Although our HLVM project is intended to bring modern VM techniques to modern programming languages without requiring any new research, we have ended up producing several enlightening new results. This article takes a look at some of the weird and wonderful techniques we used in HLVM.
GC as a metaprogram (good!)
Whereas most VMs use a garbage collector written in C or C++, the GC in HLVM is written in its own intermediate representation. This unusual design has a variety of benefits:
- The GC acts as a test for the compiler.
- The GC benefits from improvements we make to the compiler.
- The GC is simplified by being able to use features like tail call elimination and higher-order functions.
Overall, implementing the GC in HLVM's own IR proved to be hugely beneficial: the GC was very easy to write and is easy to maintain.
Fat references (bad!)
Most VMs store header data in each heap-allocated block that describes the size and type of a value in order to allow the garbage collector to traverse it. In HLVM, we moved this header data into the reference itself. This allows C data structures to be used directly without having to be copied in order add the header, simplifying and improving the efficiency of the foreign function interface (FFI).
This adds a 4-word space overhead for duplicated references. Fortunately, duplicate references are rare and no significant space overhead has ever been observed in practice.
However, there are two disadvantages. Firstly, we have observed significant performance degradation as fat references are pushed onto the stadow stack, requiring 4× more bandwidth than 1-word references would. Secondly, our fat references cannot be updated atomically so our VM is not memory safe.
Lack of memory safety is a major concern and the best solution we have come up with to date is to resort to 1-word references as pointers to heap-allocated header information. Note that HLVM currently calls malloc twice for each allocation (once to allocate a mark bit and again to allocate the actual data) so moving the header information back into the heap need not require more allocations. The obvious solution of placing the header alongside the mark bit would incur false sharing when the GC thread writes to the mark bit and a mutator reads the header information. If that proves to be a problem then a better solution might be to store an index that can be used to look up the mark bit and header data from two separate arrays.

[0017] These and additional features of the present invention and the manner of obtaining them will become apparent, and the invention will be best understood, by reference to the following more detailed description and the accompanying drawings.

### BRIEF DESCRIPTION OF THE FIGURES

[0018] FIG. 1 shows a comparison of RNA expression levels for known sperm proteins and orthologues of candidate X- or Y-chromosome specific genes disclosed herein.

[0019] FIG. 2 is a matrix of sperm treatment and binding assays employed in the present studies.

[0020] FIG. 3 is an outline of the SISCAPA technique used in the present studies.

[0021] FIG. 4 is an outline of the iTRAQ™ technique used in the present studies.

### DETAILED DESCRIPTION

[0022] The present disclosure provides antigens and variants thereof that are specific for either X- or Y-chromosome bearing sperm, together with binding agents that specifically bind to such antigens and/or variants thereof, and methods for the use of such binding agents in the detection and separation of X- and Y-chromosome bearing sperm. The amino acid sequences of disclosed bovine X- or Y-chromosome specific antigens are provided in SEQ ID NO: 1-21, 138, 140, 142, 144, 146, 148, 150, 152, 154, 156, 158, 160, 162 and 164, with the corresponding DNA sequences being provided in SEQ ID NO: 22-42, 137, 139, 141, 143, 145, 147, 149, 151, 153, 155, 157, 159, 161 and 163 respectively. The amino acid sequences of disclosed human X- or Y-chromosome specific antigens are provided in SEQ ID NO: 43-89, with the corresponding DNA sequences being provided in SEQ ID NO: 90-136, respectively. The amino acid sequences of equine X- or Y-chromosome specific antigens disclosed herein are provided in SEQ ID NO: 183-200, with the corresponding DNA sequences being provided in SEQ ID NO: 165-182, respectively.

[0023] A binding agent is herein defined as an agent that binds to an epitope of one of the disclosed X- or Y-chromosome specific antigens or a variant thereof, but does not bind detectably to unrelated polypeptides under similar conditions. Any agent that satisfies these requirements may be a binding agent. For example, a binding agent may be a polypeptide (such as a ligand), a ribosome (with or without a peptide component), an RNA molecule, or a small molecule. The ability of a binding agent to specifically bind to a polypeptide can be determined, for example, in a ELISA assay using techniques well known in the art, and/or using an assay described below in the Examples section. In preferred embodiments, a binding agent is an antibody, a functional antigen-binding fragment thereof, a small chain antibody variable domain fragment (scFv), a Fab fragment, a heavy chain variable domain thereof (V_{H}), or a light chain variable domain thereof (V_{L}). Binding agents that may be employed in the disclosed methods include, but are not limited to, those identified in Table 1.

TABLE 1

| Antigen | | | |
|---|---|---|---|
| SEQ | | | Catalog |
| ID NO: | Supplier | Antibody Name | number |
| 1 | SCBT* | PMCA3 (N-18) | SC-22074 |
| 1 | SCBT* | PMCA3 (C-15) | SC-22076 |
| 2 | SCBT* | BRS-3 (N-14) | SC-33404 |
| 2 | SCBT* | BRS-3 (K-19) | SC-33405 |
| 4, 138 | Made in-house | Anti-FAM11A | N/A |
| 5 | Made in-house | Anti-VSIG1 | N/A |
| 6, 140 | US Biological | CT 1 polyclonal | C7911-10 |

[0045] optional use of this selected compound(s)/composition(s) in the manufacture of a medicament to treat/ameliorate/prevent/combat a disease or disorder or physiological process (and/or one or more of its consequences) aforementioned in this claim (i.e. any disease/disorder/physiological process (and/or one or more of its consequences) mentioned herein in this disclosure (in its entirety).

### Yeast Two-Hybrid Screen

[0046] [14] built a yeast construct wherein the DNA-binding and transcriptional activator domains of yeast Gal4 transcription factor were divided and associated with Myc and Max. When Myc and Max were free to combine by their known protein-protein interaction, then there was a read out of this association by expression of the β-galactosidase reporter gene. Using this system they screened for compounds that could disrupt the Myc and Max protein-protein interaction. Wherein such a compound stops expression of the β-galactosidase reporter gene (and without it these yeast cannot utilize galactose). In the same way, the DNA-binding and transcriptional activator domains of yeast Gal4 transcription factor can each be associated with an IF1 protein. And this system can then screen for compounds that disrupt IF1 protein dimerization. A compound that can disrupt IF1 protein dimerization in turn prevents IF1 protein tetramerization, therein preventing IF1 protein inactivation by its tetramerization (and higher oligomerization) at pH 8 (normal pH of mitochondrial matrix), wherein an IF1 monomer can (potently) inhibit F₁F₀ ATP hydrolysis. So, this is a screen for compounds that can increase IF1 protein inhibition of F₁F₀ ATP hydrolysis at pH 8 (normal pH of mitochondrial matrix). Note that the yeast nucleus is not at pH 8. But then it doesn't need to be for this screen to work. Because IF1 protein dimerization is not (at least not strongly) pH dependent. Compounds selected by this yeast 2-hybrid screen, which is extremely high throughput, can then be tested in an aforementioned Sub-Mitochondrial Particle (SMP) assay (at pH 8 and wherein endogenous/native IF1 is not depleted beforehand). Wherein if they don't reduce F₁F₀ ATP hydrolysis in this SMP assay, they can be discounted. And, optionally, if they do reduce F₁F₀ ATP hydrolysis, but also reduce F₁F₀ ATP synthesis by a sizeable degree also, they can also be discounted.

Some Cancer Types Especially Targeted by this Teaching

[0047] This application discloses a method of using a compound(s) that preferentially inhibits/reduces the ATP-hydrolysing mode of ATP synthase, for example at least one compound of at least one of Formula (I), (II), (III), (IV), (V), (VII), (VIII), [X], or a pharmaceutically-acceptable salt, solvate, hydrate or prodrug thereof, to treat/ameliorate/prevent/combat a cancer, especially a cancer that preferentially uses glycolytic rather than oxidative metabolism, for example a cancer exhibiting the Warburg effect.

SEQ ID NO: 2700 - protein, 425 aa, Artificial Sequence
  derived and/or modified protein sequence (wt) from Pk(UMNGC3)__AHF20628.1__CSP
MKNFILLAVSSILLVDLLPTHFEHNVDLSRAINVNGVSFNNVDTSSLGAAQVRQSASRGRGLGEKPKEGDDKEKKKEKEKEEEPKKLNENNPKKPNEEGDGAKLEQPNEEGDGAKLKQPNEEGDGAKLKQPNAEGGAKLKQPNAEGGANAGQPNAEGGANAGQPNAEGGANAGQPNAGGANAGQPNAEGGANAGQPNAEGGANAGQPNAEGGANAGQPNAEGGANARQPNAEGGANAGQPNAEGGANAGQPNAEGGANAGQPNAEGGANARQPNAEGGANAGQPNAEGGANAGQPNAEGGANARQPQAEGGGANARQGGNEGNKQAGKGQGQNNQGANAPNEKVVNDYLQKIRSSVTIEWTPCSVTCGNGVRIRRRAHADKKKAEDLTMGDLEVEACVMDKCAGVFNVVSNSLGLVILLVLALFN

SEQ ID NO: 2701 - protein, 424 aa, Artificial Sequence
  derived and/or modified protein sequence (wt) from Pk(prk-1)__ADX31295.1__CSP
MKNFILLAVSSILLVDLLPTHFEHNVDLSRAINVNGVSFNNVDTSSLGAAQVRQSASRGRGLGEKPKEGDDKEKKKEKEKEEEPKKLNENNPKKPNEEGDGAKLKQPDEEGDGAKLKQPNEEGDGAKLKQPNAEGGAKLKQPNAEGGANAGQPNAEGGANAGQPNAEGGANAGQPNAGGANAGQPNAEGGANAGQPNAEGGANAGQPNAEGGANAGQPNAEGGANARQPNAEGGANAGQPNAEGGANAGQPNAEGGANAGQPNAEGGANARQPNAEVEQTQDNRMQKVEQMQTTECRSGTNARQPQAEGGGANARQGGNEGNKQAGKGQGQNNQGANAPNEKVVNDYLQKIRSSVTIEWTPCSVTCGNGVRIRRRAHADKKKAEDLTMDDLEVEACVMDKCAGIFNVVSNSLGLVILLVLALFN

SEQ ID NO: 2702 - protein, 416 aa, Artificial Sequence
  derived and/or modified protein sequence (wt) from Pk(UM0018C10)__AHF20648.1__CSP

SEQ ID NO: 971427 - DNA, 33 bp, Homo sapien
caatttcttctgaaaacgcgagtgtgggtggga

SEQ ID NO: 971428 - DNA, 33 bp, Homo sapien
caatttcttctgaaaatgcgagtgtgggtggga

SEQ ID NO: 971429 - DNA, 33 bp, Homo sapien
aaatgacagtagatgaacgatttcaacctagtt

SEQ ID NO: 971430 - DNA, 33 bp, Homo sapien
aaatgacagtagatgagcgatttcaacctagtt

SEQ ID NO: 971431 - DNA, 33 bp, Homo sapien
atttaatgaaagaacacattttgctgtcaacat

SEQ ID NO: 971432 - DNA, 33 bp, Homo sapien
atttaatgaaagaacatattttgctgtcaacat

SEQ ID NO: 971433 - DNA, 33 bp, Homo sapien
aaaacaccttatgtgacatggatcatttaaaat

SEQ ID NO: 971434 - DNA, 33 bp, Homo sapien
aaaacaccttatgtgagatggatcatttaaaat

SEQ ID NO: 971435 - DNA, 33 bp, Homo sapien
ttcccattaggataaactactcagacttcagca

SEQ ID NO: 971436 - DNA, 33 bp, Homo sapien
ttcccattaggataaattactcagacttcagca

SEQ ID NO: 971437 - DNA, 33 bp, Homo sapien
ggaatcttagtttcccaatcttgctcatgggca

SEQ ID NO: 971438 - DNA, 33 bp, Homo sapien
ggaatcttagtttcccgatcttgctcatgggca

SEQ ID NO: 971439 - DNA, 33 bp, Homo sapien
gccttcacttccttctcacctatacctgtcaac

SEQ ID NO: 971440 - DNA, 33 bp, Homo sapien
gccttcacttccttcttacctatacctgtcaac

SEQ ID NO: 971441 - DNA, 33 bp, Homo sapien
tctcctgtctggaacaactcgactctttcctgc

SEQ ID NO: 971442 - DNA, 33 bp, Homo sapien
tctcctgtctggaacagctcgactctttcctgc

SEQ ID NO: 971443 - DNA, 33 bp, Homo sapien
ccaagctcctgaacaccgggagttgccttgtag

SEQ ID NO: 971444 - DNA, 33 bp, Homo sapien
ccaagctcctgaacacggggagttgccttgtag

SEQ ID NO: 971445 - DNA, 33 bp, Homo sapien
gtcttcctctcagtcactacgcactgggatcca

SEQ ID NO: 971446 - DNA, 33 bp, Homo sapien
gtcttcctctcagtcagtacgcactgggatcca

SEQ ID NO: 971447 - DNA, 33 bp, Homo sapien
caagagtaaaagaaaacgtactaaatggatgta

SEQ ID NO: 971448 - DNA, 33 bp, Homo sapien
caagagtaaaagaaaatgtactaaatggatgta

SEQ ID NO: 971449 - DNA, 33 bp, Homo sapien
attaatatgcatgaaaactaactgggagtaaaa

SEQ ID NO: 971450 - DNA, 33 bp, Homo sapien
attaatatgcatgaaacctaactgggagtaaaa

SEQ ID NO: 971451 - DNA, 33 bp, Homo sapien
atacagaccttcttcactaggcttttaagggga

Shadow stacks (adequate!)
Xavier Leroy dismissed our proposed shadow stack, saying "probably the worst approach performance-wise; even a conservative GC should work better". Our motivation for using shadow stacks was always simplicity rather than performance. Shadow stacks are simply because LLVM's GC support is highly experimental (to date, only two people claim to have managed to get it to work) and shadow stacks facilitate accurate GC in an uncooperative environment). In fact, our results have already proven that Xavier's statement is not true in general and, in fact, we believe it may even be wrong in general.
Specifically, of the six benchmarks from our benchmark suite than handle references in the inner loop (thus incurring manipulation of the shadow stack), HLVM is significantly faster than OCaml on four of them. So our shadow stack cannot be degrading performance that much! Moreover, OCaml is 9× faster than HLVM on our n-queens benchmark only because its generational collector allows short-lived values to be recycled very efficiently and that has nothing to do with the shadow stack.
So we believe shadow stacks are an adequate solution.